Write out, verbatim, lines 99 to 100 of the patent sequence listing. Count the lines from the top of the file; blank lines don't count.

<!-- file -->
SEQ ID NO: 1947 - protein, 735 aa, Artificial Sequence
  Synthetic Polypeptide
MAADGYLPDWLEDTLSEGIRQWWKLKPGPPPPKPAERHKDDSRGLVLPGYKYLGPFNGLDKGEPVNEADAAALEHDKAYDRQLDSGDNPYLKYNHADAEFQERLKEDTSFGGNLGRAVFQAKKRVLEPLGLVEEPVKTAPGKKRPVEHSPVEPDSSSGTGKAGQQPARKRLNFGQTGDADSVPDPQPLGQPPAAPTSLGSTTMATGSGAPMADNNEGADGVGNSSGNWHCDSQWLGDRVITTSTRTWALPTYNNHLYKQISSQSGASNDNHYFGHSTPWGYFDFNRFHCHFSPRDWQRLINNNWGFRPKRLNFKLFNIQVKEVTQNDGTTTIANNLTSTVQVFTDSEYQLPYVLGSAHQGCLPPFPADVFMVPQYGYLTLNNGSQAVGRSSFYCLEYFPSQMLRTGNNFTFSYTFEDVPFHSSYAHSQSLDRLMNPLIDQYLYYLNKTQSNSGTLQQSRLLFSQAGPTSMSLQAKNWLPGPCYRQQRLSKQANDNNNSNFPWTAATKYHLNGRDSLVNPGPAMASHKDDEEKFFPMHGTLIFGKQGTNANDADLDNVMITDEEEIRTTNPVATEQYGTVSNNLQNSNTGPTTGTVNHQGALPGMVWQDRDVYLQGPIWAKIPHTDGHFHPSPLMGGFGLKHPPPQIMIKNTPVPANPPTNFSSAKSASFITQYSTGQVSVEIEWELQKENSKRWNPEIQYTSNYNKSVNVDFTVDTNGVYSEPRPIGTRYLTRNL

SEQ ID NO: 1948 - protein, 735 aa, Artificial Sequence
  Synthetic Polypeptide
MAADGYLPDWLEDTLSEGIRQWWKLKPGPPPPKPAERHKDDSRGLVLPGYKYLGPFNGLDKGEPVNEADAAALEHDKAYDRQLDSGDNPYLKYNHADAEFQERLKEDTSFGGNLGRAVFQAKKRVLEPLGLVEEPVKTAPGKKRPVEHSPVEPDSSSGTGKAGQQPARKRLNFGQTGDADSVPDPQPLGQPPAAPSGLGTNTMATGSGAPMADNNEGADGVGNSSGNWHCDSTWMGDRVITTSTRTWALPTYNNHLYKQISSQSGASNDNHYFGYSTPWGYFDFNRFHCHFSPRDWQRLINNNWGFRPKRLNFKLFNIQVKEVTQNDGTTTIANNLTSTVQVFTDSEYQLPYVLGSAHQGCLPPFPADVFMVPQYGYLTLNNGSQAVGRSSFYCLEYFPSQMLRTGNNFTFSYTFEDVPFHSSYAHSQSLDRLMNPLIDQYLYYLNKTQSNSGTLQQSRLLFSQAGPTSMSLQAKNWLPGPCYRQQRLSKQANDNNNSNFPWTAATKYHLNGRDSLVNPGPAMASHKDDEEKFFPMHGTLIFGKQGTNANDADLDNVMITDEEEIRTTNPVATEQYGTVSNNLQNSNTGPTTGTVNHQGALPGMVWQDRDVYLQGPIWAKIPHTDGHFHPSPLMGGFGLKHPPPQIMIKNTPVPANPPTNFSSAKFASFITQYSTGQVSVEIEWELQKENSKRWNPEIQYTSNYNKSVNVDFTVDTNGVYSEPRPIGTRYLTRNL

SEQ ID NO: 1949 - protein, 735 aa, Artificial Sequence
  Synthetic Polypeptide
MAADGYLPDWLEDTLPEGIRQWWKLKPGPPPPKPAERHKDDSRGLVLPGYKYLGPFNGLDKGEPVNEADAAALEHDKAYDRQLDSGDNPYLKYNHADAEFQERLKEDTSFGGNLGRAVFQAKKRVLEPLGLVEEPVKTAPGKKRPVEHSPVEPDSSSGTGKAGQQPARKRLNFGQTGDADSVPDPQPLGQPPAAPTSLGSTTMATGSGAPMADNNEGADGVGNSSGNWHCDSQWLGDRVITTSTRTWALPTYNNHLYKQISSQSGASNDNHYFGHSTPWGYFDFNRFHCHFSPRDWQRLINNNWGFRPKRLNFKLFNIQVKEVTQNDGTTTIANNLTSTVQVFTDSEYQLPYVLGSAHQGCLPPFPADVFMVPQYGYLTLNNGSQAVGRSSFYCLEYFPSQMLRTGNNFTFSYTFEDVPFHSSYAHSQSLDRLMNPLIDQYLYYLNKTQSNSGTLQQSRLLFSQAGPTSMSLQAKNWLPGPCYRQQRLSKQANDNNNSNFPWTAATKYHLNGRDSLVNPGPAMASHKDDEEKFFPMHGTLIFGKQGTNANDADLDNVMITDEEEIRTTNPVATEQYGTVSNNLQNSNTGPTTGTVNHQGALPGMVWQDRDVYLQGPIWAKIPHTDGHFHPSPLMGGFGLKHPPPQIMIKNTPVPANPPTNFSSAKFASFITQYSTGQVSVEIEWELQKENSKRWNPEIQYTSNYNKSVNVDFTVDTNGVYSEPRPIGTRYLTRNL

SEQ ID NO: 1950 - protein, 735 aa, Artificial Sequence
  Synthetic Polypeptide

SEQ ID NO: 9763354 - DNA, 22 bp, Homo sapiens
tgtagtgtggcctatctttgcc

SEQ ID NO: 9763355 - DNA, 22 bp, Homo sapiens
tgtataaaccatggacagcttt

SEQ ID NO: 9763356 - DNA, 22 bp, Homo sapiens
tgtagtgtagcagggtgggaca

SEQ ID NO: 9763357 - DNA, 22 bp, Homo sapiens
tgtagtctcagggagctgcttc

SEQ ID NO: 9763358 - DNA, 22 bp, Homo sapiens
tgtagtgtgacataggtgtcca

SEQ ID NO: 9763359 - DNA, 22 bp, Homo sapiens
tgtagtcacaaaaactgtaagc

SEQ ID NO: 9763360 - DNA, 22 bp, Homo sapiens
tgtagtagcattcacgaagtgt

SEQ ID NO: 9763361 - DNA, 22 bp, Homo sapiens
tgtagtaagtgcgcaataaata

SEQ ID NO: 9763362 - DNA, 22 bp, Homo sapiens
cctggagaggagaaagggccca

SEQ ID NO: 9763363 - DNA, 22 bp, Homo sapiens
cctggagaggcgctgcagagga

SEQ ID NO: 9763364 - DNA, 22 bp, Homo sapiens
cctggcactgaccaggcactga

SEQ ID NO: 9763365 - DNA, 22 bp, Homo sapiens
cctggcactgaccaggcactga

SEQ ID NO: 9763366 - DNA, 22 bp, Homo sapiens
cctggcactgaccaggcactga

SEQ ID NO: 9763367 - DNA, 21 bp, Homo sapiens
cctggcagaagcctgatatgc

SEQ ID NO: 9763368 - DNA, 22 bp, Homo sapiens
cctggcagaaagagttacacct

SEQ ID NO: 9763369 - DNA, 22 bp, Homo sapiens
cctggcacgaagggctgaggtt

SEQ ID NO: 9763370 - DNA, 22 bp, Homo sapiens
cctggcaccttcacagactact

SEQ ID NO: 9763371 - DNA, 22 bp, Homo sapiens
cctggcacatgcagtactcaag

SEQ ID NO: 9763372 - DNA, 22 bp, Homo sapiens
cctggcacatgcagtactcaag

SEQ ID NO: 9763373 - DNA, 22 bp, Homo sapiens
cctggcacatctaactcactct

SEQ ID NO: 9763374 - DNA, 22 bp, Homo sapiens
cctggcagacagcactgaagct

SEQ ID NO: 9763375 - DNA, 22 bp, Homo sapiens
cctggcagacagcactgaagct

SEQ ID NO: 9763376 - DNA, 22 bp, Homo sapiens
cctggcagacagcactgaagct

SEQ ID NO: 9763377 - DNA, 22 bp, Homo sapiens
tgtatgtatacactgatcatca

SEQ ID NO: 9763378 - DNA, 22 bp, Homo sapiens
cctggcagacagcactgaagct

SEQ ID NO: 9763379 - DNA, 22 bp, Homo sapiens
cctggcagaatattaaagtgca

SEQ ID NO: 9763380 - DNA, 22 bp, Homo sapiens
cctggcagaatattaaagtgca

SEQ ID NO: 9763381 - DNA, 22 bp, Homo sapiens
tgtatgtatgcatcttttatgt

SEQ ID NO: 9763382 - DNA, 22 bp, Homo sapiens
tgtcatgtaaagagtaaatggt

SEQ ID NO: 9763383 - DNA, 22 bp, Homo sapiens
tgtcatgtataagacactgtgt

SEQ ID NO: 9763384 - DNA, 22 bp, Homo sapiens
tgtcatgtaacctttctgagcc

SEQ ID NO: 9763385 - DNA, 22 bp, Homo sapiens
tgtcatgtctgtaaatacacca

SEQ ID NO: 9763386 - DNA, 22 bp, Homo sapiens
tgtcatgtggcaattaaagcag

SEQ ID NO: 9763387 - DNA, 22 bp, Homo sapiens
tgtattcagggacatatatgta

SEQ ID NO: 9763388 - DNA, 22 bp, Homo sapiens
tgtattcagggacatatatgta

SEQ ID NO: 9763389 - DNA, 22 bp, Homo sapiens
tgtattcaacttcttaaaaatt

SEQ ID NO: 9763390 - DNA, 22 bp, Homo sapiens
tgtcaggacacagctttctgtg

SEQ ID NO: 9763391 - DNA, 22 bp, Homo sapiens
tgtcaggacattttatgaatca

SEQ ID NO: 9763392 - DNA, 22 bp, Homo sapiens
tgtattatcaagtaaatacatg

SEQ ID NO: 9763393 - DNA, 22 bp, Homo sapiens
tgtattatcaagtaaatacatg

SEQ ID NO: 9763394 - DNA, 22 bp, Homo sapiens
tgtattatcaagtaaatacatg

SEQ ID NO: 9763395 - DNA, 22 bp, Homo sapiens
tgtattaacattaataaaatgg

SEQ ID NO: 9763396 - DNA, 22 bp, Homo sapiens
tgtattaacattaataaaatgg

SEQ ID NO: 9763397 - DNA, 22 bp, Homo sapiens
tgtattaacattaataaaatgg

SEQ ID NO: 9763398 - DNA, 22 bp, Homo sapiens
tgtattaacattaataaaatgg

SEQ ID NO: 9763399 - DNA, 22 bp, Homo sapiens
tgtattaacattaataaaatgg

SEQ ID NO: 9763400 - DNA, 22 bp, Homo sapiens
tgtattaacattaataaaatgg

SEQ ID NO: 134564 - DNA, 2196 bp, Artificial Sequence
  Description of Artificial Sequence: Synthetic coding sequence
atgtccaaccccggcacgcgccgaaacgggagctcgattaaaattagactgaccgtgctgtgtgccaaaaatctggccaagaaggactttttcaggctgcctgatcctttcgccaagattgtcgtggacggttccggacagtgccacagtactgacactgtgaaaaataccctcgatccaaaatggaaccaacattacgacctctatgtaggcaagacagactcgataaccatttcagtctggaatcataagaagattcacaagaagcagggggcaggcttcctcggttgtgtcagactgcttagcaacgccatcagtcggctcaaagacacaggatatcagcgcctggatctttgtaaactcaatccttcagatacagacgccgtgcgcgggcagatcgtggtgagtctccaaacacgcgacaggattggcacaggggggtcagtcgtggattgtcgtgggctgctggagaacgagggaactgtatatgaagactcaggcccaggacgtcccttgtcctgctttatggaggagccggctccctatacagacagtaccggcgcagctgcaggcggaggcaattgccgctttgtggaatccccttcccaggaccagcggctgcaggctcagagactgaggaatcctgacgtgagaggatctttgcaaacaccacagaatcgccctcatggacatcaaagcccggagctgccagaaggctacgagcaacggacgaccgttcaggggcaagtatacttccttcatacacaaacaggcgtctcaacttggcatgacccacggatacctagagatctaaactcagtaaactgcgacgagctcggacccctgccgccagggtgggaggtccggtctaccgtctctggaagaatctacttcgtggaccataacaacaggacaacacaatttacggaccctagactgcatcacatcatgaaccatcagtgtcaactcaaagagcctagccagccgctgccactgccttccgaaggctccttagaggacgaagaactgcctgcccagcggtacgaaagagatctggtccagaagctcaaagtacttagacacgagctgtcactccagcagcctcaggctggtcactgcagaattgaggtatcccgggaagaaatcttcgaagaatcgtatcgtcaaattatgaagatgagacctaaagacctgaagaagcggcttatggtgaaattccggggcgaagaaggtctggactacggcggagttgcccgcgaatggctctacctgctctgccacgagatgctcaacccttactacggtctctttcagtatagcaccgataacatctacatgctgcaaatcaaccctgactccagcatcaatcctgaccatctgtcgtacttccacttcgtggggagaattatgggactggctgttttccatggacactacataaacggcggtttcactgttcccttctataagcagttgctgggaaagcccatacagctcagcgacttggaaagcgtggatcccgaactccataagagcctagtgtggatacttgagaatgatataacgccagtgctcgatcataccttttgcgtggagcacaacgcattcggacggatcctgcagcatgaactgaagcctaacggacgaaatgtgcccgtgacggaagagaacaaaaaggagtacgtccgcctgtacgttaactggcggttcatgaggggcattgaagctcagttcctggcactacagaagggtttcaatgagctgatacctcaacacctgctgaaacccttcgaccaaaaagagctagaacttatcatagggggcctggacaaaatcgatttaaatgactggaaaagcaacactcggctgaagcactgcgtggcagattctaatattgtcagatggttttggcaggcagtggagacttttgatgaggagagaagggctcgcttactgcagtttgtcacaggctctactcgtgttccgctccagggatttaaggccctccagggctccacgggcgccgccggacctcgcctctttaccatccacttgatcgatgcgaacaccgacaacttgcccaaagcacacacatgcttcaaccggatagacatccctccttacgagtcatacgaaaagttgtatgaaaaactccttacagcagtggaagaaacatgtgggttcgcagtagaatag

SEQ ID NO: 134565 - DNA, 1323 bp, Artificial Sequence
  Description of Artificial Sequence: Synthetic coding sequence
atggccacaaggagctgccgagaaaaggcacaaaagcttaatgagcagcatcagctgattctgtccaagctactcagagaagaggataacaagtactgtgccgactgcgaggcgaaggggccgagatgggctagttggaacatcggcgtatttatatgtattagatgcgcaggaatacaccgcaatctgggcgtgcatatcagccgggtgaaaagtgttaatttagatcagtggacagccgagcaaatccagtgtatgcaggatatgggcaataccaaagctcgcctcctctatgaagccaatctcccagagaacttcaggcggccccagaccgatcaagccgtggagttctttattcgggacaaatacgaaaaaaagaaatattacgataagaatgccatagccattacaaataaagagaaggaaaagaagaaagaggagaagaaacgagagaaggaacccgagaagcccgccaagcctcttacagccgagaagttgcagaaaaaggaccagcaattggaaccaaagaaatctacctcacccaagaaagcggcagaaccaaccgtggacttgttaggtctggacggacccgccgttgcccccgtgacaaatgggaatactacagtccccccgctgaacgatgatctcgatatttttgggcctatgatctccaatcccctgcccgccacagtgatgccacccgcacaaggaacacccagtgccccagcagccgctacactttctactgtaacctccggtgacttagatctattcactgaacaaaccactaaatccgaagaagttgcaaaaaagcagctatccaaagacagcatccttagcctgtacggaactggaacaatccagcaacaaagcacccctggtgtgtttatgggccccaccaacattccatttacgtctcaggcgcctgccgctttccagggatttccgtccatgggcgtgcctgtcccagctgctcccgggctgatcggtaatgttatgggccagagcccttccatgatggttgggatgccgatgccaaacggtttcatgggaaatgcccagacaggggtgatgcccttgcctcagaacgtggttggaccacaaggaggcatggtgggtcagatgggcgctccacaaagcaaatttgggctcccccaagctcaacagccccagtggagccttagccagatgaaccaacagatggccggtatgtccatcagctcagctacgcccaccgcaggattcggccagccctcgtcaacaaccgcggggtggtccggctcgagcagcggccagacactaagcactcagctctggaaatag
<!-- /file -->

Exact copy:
tgtattaacattaataaaatgg

SEQ ID NO: 9763398 - DNA, 22 bp, Homo sapiens